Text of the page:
The key issue is not only whether there is sufficient interest but whether there are sufficient individuals and organisations who will join and support the co-operative as active members - using the services of the co-operative. Co-operatives are created by members who not only own but use and benefit from the services of the co-operative.
In the 1980's there was a Victorian Government Co-operative Development Program. A Program by-product was the formation of co-operatives by concerned individuals who became members because of their concern to assist the unemployed not because they were going to use the co-operative as active members. This was an important influence on why the co-operatives did not survive beyond their concern - and government funding.
Clarity is also necessary as to what kind of co-operative would be formed because this will critically influence who are its members, the eligibility for membership and how the co-operative will function. This should, of course, be obvious - the formation of any co-operative is based on the mutual need of its members. But, then, there may not be agreement about what is the mutual need being met by the co-operative and, therefore, there may not be a basis for forming a co-operative.
There are many different types of co-operatives:
e.g. Warrnambool Co-operative Society Ltd.
e.g. the WAW Credit Union.
Purchasing co-operatives e.g. Co-operative Purchasing Services Ltd
It is also necessary to establish whether the co-operative will be registered as a trading or non-trading co-operative. These terms are included in state co-operative legislation. They are misleading for they imply there is a difference between co-operatives that trade and co-operatives that do not trade. This is not, in fact, the difference, that is meant by the terms trading and non-trading col-operative.
A trading co-operative allows its members to receive a share of any surplus funds or a return on the capital they have invested if the co-operative is wound up. Members of a non-trading co-operative do not receive a distribution of surplus and if the co-operative is wound up only get back the original value of their shares. A trading co-operative must have a share capital.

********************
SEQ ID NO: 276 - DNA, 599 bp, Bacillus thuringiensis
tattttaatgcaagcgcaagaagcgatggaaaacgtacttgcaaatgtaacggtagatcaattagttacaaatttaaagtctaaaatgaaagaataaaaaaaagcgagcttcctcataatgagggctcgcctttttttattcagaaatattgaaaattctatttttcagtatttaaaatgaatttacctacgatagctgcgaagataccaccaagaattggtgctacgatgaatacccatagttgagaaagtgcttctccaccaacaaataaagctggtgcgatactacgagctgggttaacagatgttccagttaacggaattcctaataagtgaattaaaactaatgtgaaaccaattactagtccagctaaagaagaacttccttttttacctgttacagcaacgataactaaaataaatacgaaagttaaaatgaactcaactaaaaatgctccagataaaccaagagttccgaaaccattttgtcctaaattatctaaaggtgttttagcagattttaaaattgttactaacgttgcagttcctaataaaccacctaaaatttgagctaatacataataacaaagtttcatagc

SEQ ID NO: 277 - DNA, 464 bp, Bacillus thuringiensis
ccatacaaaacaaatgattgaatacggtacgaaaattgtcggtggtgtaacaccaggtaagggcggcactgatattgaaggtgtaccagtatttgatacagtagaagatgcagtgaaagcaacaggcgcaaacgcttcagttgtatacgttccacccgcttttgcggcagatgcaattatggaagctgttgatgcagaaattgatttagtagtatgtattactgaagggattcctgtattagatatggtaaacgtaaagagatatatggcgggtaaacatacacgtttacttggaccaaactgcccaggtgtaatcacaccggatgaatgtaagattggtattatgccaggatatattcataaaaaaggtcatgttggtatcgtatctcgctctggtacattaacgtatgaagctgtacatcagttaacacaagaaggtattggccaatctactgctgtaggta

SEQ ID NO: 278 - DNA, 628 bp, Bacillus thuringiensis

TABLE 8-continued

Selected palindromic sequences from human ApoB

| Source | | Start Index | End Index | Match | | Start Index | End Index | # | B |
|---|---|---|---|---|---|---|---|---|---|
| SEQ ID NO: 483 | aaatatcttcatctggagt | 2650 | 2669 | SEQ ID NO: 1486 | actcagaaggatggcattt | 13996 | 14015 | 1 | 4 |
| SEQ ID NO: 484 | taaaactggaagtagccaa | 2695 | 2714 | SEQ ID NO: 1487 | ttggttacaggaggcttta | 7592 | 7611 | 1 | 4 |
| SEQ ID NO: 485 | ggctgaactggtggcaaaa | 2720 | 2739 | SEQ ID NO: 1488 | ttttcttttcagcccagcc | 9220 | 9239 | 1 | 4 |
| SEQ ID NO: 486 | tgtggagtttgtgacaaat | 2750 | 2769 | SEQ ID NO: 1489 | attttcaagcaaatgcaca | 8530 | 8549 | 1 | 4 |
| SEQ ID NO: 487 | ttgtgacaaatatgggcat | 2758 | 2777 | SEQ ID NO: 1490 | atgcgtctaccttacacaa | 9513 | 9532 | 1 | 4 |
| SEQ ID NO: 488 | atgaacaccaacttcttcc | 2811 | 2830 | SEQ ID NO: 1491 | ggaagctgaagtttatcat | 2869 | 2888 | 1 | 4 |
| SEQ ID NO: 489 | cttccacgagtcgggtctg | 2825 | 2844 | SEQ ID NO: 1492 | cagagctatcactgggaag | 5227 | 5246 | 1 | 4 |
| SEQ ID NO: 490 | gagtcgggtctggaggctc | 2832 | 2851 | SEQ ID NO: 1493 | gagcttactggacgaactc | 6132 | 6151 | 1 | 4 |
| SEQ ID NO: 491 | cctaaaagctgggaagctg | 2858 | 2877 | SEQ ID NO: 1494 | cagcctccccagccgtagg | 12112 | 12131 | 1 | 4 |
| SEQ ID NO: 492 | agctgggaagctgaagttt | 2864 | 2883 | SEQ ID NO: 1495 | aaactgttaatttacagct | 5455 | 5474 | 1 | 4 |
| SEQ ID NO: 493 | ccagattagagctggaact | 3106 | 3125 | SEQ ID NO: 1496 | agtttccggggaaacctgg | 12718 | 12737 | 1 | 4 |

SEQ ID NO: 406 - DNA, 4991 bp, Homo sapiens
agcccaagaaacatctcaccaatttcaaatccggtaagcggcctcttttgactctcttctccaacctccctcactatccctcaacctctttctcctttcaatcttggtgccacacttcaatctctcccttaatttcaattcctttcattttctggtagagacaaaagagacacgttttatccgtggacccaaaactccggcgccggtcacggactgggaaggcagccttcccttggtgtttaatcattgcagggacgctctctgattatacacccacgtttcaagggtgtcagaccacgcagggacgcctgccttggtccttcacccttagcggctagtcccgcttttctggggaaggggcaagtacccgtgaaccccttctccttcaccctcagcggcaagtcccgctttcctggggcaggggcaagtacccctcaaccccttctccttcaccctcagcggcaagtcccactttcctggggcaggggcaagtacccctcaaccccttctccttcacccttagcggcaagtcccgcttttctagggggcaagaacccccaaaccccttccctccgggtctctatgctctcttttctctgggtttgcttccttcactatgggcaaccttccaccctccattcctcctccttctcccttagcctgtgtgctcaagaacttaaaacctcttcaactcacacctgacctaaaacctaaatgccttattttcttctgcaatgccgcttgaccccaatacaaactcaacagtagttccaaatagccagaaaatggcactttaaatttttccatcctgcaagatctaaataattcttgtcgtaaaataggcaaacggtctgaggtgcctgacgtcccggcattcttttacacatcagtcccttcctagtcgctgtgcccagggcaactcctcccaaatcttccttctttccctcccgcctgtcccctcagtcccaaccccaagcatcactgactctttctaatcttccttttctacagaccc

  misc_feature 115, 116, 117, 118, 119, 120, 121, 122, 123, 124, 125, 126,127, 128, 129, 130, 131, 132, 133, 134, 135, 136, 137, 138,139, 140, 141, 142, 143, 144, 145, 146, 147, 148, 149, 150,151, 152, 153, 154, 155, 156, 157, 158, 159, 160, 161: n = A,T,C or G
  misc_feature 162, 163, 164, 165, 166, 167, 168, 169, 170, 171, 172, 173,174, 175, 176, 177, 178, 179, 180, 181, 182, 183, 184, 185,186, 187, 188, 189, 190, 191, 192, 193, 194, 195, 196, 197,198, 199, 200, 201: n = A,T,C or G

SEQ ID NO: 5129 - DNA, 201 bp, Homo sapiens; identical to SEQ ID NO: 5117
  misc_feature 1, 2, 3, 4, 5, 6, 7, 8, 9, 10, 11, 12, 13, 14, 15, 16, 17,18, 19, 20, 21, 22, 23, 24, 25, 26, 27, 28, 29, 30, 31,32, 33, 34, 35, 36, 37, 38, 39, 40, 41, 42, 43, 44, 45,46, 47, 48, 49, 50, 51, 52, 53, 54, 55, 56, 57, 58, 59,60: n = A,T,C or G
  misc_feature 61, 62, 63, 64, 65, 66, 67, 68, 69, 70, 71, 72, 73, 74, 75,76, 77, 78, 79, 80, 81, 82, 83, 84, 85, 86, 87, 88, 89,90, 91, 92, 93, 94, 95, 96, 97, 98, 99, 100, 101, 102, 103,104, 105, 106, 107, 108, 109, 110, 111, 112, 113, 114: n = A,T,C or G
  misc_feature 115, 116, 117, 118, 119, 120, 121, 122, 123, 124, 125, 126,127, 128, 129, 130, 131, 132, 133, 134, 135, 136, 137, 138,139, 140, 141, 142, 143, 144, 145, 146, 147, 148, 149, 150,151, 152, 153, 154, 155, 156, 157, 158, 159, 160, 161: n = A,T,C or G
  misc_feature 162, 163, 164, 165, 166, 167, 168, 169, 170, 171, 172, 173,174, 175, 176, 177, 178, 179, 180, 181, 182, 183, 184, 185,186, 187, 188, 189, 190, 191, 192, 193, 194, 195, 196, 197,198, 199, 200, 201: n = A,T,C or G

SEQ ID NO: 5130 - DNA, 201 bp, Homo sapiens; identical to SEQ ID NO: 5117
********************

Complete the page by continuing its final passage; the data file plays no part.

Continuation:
A non-trading co-operative has the option of deciding whether or not to have shares.
A member of a co-operative with share capital is liable to the co-operative for the amount, if any, unpaid on the shares held by the member, together with any charges payable by the member to the co-operative. Otherwise, a member of a co-operative is not under any personal liability to the co-operative.The basis for any co-operative is its members. Members can be individuals or corporations.
At the public meeting there needs to be plenty of time for discussion so that everyone who wants to can express their views and ask questions.
An essential characteristic of co-operatives is their commitment to democracy, and, therefore, the public meeting should reflect and reinforce this commitment.
After reports and the subsequent discussion, a decision has to be made on whether or not to proceed. A resolution would, then, be put to the meeting for a decision. If it is agreed to proceed, then, a steering committee should be appointed to develop the proposed co-operative. The meeting will have to decide on the size of the steering committee, its terms of reference and when it is to report to another public meeting. This should also be put to the meeting as a resolution. Once passed, the Chair could call for nominations to the Steering Committee. If there are more nominations than the number allowed for in the resolution, then, there will have to be an election.
The Steering Committee will have five basic tasks:
develop the Rules for the co-operative.
For what is needed for a feasibility study and what is co-operative specific: The Co-operative Feasibility Study.
These tasks are critically interdependent. In undertaking these tasks, the Steering Committee must be able to identify the critical questions that need to be addressed for each task.
It is also important that all members of the Steering Committee contribute to its deliberations. While individual members will make different contributions because of differences in resources, skills and availability, decisions must be made by the group – not by individuals within the group.
This is the beginning of co-operative decision-making.
The two most important tasks of the Steering Committee are to survey (a) potential members and (b) the market in which the co-operative proposes to operate.
A co-operative is formed to serve its members by providing services that are used by the members. It is critical to establish, therefore, who will join the co-operative and actively use its services.
It will be tempting to accept as members individuals who buy shares, and indeed, may be in a position to purchase extra shares but whose contribution ends with their shareholding and they are unlikely to be active users of the co-operative.